For a few years in the 30’s Walt held the exclusive contract for Technicolor, which was the only way in which animated films could be made in color. This ensured that Disney was the only company that could put out animated full-color films legally for those years in which he held the exclusivity. Of course, that didn’t last long, but a monopoly over a type of property or technology like that has rarely, if ever, happened since.

7. Disney Princess Proportions

via Yahoo

via Yahoo

While much has been said about many of the Disney Princess’ perfect bodies, they weren’t drawn that way to appeal to a certain demographic. In fact, they were based on a real-life model named Sherri Stoner. She was the inspiration for Ariel and Belle and did much of the movements and modeling that Disney animators used to create the signature style of their movies. Sherri Stoner was also a writer and producer for Animaniacs, and Casper the Friendly Ghost.

6. Disney World Tunnels

via Messy Nessy Chic

via Messy Nessy Chic

After Disneyland became such a success, Walt noticed one issue which gave him headaches; characters running through the wrong lands to get to their destination. He did not want to break the magic of having costumed characters, such as Belle, run through a world designed for Ariel, so he created an elaborate tunnel system in the Florida based park to ensure that characters only appeared where they were meant to. This helps keep the illusion of the characters from shattering. In addition, it meant the entire park had to be built on a gentle incline to accommodate the tunnels.

5. Character Rules

via Breaking The Internet Daily

via Breaking The Internet Daily

For those that play characters in the theme parks, there are a number of strict rules they must follow. This isn’t just to ensure the characters all act the same, but also because he wanted the world to feel magical and gentle. There is no sitting down or breaking character, the word “No” can never be used, and if asked for directions, an actor cannot use a single finger to point in the direction as it can be seen as rude. If you ever watch the actors carefully, you’ll notice they use sweeping gestures or a nod of their head to direct guests of the park.

4. His Housekeeper Was Worth a Fortune

via CNN Money

via CNN Money

Walt had a live-in housekeeper for 30 years named Thelma Howard. Each year, her holiday bonus would be shares of the Disney company. At the time it seemed like a nice gesture, but it was in 1994 that her estate found out just how nice of a gesture it was. She died that year, and half of her estate, which was worth $9 million USD, went to her son, while the rest went to help the homeless and disadvantaged. This was because of the fact that she grew up in extreme poverty. This is just another way that Walt touched the lives of so many people just because of the good deeds that he did for them. They in turn, passed it on.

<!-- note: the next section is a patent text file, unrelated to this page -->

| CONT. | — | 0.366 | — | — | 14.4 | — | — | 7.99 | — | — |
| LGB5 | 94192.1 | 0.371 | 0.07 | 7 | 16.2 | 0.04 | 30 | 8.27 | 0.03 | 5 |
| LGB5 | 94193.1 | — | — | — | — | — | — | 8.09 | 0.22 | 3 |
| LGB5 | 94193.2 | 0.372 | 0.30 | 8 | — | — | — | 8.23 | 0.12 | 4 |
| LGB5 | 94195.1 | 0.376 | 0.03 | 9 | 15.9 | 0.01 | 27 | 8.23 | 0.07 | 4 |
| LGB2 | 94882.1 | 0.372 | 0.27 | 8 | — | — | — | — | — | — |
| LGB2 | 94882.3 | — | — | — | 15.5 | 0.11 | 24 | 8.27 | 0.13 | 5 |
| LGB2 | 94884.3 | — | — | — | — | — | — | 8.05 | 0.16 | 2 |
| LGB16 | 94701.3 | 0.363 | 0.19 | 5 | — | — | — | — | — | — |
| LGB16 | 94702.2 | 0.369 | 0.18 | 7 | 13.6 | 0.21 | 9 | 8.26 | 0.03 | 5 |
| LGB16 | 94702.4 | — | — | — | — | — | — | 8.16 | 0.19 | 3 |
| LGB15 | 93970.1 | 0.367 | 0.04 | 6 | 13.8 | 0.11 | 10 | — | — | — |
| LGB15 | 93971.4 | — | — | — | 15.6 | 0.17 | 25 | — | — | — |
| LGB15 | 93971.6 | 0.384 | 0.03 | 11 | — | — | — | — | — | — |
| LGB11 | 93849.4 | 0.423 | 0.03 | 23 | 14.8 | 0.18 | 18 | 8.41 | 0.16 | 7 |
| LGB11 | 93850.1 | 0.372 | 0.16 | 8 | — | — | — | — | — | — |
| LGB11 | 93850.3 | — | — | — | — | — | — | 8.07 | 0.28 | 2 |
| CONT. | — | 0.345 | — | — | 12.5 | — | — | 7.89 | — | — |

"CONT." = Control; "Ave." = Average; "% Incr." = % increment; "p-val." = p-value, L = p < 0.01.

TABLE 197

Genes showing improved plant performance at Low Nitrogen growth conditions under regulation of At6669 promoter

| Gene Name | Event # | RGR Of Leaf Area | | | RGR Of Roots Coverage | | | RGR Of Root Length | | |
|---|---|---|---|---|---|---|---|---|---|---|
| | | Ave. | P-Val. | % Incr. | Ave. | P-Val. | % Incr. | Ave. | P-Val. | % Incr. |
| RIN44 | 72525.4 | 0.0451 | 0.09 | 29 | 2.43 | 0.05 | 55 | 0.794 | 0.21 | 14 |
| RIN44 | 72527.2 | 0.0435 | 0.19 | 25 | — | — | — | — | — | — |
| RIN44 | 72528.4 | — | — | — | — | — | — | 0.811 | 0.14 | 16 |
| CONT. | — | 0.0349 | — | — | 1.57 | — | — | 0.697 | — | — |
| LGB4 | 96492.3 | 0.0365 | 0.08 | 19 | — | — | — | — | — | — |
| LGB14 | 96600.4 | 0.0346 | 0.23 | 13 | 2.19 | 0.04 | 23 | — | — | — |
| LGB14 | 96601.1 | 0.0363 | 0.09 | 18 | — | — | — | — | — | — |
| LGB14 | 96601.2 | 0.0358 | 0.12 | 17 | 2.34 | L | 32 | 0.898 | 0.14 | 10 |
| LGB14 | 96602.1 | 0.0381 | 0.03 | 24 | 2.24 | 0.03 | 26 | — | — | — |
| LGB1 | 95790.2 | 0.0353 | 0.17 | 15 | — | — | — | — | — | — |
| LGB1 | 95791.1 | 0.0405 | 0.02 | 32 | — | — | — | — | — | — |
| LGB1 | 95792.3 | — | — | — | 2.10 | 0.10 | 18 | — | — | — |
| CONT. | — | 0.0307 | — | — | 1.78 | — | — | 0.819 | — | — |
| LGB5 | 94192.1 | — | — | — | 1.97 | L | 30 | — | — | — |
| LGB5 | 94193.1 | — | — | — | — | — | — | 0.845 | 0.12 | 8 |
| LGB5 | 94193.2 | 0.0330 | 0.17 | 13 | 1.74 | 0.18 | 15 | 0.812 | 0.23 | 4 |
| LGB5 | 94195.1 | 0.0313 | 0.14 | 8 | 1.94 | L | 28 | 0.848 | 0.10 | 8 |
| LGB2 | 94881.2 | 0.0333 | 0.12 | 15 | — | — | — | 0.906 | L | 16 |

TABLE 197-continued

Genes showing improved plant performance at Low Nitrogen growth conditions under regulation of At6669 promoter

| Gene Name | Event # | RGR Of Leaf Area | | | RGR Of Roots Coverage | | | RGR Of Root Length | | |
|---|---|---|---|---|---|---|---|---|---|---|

3. The Giving Soul of Walt

via CalArts.edu

via CalArts.edu

When Walt died he had quite the estate to leave to his family. But 25% of it was passed on to CalArts to help the private university grow. Alumni from the now prestigious school include John Lasseter, Tim Burton, Don Cheadle, Alison Brie, Paul Reubens, Ed Harris, David Hasselhoff, Katey Sagal, Sofia Coppola, and Stephen Hillenburg to name just a few. Many of the named graduates have worked for Walt’s company at some point in their career, and many more unnamed alumni have been integral in the growth of the company. Walt made an investment in the future of people and it obviously paid off.

2. Frozen

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While many still believe that Walt was cryogenically frozen to be reawakened when the time was right, or had his head frozen for some reason, the rumors are completely false. The truth of the matter is after his death he was cremated and his ashes were buried in the Forest Lawn Memorial Park in Glendale. The rumors can be exciting when Walt is involved, but most are simply false. It does say something about our desire to have the visionary walk among us again. With that said, though, it is safe to say that Walt would be proud of his company as it has done a great job of following the visions that he clearly set out while he was alive. May he rest in peace.

1. His Last Words

via Disney Baby

via Disney Baby

There has been a constant “fact” that Kurt Russel was the last thing Walt wrote down before his death. In fact, in 2007, Kurt Russel even confirmed his belief in the rumor on the Jimmy Kimmel Show. It turns out that it isn’t true. No one knows what his last words were. The rumor started because Walt was working up until his death and had a paper on his desk with the names “Ron Miller – 2 Way Down Cellar” and “2. Kirt (sp) Russell 3. CIA—Mobley (sic)” written in his signature red grease pencil. These were actually just notes about upcoming live action shows or films and Kurt Russel had just signed on to work for Disney Productions and it seemed Disney liked the young man a great deal. Another mystery put to rest.